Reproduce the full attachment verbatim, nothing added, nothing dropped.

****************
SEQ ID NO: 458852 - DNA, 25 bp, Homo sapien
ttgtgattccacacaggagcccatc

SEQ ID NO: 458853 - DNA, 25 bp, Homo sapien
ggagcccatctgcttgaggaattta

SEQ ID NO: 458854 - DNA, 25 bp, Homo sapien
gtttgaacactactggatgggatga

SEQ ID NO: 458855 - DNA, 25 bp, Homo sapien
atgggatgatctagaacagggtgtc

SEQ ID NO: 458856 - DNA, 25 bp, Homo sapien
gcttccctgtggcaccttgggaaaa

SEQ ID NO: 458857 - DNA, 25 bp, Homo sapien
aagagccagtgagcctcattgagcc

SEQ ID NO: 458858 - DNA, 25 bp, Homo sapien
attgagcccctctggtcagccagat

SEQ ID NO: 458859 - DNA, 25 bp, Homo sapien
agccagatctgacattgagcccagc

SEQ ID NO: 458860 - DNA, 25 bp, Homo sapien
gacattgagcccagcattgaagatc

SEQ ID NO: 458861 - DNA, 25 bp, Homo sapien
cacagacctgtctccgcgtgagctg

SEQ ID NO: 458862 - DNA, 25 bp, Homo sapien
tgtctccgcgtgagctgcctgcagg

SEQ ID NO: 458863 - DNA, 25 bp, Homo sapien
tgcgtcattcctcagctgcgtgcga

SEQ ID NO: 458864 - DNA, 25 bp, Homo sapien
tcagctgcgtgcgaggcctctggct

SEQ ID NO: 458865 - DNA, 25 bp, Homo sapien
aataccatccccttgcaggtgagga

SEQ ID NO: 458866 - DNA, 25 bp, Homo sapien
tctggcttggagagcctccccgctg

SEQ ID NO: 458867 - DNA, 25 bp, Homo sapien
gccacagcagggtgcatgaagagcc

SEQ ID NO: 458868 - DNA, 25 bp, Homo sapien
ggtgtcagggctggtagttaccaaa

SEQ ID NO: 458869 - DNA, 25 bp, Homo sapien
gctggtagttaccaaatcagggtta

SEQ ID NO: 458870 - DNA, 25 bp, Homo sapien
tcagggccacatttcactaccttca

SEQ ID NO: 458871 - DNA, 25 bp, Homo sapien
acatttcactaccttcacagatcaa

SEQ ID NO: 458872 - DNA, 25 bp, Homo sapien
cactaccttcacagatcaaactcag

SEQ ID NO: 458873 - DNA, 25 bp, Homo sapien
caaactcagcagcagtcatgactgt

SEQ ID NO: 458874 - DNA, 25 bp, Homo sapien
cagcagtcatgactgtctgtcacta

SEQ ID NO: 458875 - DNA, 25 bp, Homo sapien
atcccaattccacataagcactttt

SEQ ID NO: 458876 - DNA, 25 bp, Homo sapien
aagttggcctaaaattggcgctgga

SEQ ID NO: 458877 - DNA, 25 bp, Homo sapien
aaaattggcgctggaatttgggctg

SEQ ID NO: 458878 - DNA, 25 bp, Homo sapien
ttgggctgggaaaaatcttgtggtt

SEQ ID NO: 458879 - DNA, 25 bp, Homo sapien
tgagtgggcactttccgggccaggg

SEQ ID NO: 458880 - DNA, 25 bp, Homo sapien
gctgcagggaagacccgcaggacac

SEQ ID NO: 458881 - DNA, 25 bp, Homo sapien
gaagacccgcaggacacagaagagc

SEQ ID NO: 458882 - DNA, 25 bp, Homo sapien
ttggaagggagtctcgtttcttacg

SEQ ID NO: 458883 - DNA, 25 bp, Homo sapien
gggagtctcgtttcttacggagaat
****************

SEQ ID NO: 458852 - DNA, 25 bp, Homo sapien
ttgtgattccacacaggagcccatc

SEQ ID NO: 458853 - DNA, 25 bp, Homo sapien
ggagcccatctgcttgaggaattta

SEQ ID NO: 458854 - DNA, 25 bp, Homo sapien
gtttgaacactactggatgggatga

SEQ ID NO: 458855 - DNA, 25 bp, Homo sapien
atgggatgatctagaacagggtgtc

SEQ ID NO: 458856 - DNA, 25 bp, Homo sapien
gcttccctgtggcaccttgggaaaa

SEQ ID NO: 458857 - DNA, 25 bp, Homo sapien
aagagccagtgagcctcattgagcc

SEQ ID NO: 458858 - DNA, 25 bp, Homo sapien
attgagcccctctggtcagccagat

SEQ ID NO: 458859 - DNA, 25 bp, Homo sapien
agccagatctgacattgagcccagc

SEQ ID NO: 458860 - DNA, 25 bp, Homo sapien
gacattgagcccagcattgaagatc

SEQ ID NO: 458861 - DNA, 25 bp, Homo sapien
cacagacctgtctccgcgtgagctg

SEQ ID NO: 458862 - DNA, 25 bp, Homo sapien
tgtctccgcgtgagctgcctgcagg

SEQ ID NO: 458863 - DNA, 25 bp, Homo sapien
tgcgtcattcctcagctgcgtgcga

SEQ ID NO: 458864 - DNA, 25 bp, Homo sapien
tcagctgcgtgcgaggcctctggct

SEQ ID NO: 458865 - DNA, 25 bp, Homo sapien
aataccatccccttgcaggtgagga

SEQ ID NO: 458866 - DNA, 25 bp, Homo sapien
tctggcttggagagcctccccgctg

SEQ ID NO: 458867 - DNA, 25 bp, Homo sapien
gccacagcagggtgcatgaagagcc

SEQ ID NO: 458868 - DNA, 25 bp, Homo sapien
ggtgtcagggctggtagttaccaaa

SEQ ID NO: 458869 - DNA, 25 bp, Homo sapien
gctggtagttaccaaatcagggtta

SEQ ID NO: 458870 - DNA, 25 bp, Homo sapien
tcagggccacatttcactaccttca

SEQ ID NO: 458871 - DNA, 25 bp, Homo sapien
acatttcactaccttcacagatcaa

SEQ ID NO: 458872 - DNA, 25 bp, Homo sapien
cactaccttcacagatcaaactcag

SEQ ID NO: 458873 - DNA, 25 bp, Homo sapien
caaactcagcagcagtcatgactgt

SEQ ID NO: 458874 - DNA, 25 bp, Homo sapien
cagcagtcatgactgtctgtcacta

SEQ ID NO: 458875 - DNA, 25 bp, Homo sapien
atcccaattccacataagcactttt

SEQ ID NO: 458876 - DNA, 25 bp, Homo sapien
aagttggcctaaaattggcgctgga

SEQ ID NO: 458877 - DNA, 25 bp, Homo sapien
aaaattggcgctggaatttgggctg

SEQ ID NO: 458878 - DNA, 25 bp, Homo sapien
ttgggctgggaaaaatcttgtggtt

SEQ ID NO: 458879 - DNA, 25 bp, Homo sapien
tgagtgggcactttccgggccaggg

SEQ ID NO: 458880 - DNA, 25 bp, Homo sapien
gctgcagggaagacccgcaggacac

SEQ ID NO: 458881 - DNA, 25 bp, Homo sapien
gaagacccgcaggacacagaagagc

SEQ ID NO: 458882 - DNA, 25 bp, Homo sapien
ttggaagggagtctcgtttcttacg

SEQ ID NO: 458883 - DNA, 25 bp, Homo sapien
gggagtctcgtttcttacggagaat